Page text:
Note that the spinor representation is not a representation of SO(2n), just of Spin(2n). However, if one restricts to the U(n)\subset SO(2n) preserving J, then the \Lambda^*(W_J) are the fundamental representations of this U(n). These representations have weights that are 0 or 1, shifted by +\frac{1}{2} from those of the spin representation. One can’t restrict from Spin(2n) to U(n), but one can restrict to \tilde U(n), a double cover of U(n). On this double cover the notion of \Lambda^n(\mathbf C^n)^{\frac{1}{2} makes sense and one has, as \tilde U(n) representations

S\otimes \Lambda^n(\mathbf C^n)^{\frac{1}{2}}\simeq\Lambda^*(\mathbf C^n)

So, projectively, the spin representation is just \Lambda^*(\mathbf C^n), but the projective factor is a crucial part of the story.

The above has been a rather quick sketch of a long story. For more details, a good reference is the book Spin Geometry by Lawson and Michelsohn. Chapter 12 of Segal and Pressley’s Loop Groups contains a very geometric version of the above material, in a form suitable for generalization to infinite dimensions. My notes for my graduate class also have a bit more detail, see here.

In the next posting we’ll see what happens when one chooses V=\mathfrak g, and studies the Clifford algebra Cliff(\mathfrak g)

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6 Responses to Notes on BRST VIII: Clifford Algebras

  1. John says:

    It seems only few years back that Clifford Algebras have been getting more attention…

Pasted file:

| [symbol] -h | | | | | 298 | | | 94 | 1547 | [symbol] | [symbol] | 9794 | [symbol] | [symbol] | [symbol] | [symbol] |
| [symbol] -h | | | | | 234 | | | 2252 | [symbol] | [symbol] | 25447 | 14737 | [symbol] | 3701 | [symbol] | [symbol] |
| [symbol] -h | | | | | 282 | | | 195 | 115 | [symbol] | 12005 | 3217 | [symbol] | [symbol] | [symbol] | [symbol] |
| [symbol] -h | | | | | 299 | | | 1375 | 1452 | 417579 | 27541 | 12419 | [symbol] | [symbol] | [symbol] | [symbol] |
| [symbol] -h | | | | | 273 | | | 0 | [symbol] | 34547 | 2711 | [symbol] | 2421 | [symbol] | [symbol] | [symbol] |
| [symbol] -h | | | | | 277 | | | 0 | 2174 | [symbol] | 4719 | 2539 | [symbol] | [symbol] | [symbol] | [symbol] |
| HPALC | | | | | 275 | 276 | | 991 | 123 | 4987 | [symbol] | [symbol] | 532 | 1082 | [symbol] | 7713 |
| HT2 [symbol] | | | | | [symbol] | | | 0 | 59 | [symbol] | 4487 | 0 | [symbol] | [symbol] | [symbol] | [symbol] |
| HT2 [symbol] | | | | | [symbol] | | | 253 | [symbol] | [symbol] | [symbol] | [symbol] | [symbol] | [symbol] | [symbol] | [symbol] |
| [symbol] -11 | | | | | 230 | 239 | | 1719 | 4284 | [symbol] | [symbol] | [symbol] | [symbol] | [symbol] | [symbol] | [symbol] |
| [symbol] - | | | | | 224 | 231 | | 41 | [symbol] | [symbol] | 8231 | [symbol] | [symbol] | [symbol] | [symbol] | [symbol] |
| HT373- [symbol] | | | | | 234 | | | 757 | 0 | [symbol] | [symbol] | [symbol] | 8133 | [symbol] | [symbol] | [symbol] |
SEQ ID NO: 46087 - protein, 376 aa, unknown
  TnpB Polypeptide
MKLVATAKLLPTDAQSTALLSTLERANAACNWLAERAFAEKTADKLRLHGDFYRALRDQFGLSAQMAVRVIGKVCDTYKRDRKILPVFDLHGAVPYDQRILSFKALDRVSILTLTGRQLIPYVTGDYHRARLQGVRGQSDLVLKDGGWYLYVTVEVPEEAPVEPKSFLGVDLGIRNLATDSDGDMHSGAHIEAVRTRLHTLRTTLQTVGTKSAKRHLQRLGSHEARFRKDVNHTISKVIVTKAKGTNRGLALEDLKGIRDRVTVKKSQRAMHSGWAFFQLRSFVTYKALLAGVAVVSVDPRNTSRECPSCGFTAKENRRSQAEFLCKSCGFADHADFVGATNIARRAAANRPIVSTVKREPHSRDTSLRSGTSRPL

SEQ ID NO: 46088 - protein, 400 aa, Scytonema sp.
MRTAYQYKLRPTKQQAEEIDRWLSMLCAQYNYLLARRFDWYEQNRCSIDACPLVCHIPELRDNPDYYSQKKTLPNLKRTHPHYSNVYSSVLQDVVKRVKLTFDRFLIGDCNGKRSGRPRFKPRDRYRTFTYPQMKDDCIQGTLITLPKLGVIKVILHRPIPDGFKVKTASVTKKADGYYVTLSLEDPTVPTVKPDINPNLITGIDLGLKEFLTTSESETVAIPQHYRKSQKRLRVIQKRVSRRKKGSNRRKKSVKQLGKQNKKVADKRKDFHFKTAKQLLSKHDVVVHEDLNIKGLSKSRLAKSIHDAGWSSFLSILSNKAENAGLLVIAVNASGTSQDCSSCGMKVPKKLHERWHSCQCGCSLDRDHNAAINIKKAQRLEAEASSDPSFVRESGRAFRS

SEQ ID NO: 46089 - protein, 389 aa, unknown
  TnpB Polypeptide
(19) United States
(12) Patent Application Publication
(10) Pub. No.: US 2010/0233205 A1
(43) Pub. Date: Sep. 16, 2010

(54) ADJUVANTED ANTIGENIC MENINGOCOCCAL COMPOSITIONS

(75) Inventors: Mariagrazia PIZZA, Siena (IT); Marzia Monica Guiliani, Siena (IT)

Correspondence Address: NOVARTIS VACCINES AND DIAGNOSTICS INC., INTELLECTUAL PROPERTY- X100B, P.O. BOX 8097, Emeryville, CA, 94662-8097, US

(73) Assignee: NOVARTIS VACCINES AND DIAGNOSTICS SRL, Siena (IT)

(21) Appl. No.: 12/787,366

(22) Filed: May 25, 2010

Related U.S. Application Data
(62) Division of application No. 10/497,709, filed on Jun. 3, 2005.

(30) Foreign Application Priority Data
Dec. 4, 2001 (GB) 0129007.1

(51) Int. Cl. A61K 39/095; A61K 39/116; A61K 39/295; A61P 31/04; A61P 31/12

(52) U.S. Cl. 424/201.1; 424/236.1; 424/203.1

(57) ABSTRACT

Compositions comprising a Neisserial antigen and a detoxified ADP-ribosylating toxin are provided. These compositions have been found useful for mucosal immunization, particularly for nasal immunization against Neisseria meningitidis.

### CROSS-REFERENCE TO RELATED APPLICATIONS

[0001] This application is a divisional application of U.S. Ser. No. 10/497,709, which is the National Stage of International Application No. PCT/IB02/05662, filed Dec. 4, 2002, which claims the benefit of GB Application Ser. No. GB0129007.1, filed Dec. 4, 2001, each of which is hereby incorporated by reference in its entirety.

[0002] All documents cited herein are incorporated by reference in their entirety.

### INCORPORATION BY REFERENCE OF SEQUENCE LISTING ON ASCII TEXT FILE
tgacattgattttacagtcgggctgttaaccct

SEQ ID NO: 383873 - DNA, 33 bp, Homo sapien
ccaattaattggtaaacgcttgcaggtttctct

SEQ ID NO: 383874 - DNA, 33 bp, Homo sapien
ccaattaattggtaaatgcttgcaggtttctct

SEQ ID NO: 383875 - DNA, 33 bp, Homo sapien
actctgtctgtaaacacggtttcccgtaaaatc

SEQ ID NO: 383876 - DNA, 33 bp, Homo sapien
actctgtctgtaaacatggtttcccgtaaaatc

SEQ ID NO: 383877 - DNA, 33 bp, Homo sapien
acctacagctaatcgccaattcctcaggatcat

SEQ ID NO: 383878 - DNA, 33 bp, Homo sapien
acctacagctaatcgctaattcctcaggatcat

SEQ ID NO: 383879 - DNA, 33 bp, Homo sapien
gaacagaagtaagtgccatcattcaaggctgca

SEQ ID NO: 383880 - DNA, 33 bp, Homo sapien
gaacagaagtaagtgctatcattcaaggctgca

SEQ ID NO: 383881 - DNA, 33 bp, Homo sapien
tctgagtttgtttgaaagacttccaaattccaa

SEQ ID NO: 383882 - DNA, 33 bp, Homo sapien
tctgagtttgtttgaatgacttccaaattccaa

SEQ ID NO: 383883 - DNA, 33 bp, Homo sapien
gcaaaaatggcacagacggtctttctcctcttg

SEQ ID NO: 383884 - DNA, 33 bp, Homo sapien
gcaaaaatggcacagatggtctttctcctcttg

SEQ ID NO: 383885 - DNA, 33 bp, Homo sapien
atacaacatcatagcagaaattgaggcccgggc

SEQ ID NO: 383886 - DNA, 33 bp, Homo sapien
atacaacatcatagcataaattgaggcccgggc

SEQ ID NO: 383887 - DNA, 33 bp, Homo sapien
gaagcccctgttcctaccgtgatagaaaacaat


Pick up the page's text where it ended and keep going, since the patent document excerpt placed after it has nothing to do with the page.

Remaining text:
I’m wondering what their primary applications are.

  2. Peter Woit says:

    John,

    The primary applications of Clifford algebras have always been to construct spinors (and thus the spin representations of orthogonal groups, from which all other reps of these groups can be constructed) and write down the Dirac equation. Much more speculative has been the idea of trying to use them to understand internal symmetries. Lots of people have tried to do this, with varying results.

    In physics, whenever one works with anti-commuting variables, when one quantizes them, what one gets is a a Clifford algebra. So, the things really are everywhere.

    In mathematics, the use of Clifford algebras to do representation theory, more generally than just for orthogonal groups, has been getting more attention in recent years, and that’s part of the story I’m trying to write about here.

  3. John says:

    Peter, I’m sure you know of David Hestenes’ works using Grassmann and (I think also, although I’m not sure) Clifford Algebras…

    Aren’t Clifford Algebras then used to reformulate some areas of physics? If they are, I’m wondering which areas and (perhaps) how?

    Also, are the Clifford Algebra reps a key component of BRST quantization (Just wondering.)

    John

  4. Peter Woit says:

    John,

    Grassman algebra = exterior algebra

    I haven’t looked closely at the work of Hestenes. From what I’ve seen much of it exploits the relationship between the exterior algebra and the Clifford algebra explained in this posting.

    Clifford algebras are a crucial part of the approach to BRST I’m explaining in these notes. If you look at standard treatments of BRST, you’ll find that some of them crucially use Clifford algebras, others avoid this.

  5. John says:

    Thanks.

  6. andy.s says:

    Hestenes (and also Doran and Lasenby at Cambridge) rewrites basic physics using Clifford algebra to replace vector algebra.

    So, for angular momentum L = r /\ p instead of L = r x p, for example.

    It’s fun stuff. Doran and Lasenby use this to derive a gauge theory of gravity in flat space.